Although irises are easy-care plants that require little maintenance once they're established, the plant should be split every three to five years to keep it vigorous and blooming its beautiful best. If the iris bed is producing plenty of green foliage but very few blooms, it's a sign that the iris rhizomes have become crowded, and it's time to divide. Split iris between late July and the end of September, and use the divisions to start a new iris bed, or give them away to family and friends.
Use a clean pair of scissors to trim the iris leaves down to about a third of their height.
Insert a garden fork or a straight-edge shovel near the iris plant, and lift the clump carefully out of the soil. Inspect the rhizomes, and discard the old rhizomes in the middle of the clump, along with any that appear soft, spongy or diseased or don't have leaf fans.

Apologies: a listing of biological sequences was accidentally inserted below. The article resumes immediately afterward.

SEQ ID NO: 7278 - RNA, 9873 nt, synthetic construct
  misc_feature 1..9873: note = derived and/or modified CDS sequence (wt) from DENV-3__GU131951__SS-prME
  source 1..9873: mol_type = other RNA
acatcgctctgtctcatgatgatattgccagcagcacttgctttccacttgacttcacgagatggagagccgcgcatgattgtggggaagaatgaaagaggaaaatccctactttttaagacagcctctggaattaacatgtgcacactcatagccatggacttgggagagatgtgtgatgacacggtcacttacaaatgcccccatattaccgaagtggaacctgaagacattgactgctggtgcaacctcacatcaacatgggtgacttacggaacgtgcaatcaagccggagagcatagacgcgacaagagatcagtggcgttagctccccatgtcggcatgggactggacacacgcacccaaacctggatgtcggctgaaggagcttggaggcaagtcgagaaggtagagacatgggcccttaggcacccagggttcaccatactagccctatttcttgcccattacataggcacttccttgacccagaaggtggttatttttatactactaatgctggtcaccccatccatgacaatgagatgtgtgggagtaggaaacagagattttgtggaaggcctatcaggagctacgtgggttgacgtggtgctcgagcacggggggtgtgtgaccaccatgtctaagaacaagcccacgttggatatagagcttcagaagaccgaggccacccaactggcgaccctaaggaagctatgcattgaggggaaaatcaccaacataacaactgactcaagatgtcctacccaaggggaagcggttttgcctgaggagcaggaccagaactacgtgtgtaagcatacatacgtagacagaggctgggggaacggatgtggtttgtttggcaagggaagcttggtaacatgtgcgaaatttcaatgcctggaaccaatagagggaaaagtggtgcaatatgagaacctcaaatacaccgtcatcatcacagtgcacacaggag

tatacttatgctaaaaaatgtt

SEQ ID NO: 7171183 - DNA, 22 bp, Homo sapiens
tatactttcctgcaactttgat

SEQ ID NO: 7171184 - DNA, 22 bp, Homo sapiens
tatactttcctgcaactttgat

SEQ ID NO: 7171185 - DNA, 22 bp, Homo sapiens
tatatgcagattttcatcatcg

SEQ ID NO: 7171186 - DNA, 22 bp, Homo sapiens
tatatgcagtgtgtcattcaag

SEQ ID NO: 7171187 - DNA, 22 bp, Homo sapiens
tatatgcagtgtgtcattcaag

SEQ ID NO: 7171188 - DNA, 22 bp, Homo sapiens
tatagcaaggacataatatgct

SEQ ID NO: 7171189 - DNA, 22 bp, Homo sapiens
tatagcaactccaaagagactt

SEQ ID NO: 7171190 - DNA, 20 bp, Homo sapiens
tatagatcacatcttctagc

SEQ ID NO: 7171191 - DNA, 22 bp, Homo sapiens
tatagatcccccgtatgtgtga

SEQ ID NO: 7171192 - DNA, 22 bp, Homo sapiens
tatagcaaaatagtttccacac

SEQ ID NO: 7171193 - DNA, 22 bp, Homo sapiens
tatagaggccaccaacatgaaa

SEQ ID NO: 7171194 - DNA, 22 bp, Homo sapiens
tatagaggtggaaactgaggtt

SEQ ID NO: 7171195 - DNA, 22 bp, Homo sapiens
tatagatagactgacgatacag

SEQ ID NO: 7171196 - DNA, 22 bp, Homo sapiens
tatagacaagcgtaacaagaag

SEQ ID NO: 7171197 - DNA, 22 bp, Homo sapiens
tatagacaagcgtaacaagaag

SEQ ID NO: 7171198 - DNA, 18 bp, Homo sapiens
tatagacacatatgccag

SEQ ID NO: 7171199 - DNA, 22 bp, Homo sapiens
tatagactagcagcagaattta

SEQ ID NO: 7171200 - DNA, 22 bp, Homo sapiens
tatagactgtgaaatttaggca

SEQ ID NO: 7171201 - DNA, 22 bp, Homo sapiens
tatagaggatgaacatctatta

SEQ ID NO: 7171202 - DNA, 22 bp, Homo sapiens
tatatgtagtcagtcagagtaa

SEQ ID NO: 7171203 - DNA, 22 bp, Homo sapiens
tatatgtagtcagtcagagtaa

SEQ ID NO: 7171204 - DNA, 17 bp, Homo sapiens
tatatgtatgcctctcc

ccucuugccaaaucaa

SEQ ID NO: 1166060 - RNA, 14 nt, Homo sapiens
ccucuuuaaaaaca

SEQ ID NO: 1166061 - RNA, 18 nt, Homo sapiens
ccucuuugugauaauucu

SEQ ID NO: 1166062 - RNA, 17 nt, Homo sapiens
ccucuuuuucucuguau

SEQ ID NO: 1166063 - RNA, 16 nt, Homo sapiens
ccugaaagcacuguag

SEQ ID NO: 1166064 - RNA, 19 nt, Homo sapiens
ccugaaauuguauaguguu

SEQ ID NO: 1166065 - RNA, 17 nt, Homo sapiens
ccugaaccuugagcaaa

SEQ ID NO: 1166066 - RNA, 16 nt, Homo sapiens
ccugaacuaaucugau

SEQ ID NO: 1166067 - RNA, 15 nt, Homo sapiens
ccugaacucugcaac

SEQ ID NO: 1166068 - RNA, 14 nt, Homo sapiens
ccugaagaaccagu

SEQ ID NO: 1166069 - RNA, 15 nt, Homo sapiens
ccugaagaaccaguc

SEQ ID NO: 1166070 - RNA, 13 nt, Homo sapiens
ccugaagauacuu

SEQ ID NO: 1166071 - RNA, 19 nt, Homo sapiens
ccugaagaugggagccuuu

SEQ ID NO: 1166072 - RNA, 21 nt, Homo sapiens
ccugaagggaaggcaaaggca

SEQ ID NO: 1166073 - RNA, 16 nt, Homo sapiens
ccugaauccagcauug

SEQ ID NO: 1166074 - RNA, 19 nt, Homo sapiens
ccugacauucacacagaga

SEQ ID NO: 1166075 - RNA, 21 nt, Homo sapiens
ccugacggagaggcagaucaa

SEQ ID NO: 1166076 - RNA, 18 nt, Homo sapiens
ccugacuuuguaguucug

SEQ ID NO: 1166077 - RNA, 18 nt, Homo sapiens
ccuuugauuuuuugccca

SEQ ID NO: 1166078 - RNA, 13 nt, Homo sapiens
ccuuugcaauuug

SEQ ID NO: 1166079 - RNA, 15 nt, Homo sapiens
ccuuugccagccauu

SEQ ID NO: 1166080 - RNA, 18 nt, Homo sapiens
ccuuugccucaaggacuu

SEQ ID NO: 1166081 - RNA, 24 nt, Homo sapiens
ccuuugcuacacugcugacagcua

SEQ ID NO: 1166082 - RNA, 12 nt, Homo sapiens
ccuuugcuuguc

Clean the iris rhizomes with a clean, sharp knife. Each rhizome to be transplanted needs to have a healthy root system and at least one fan of leaves.
Dig a hole for each newly divided rhizome, with the top of the rhizome just barely visible above the top of the soil. Pack the soil down firmly with your foot, and water the soil until it's damp, but not soaked. Iris appreciates soil on the dry side, and will rot in soil that's too wet. The newly-transplanted iris may not bloom much the first year, but will be back to normal by the second and third years.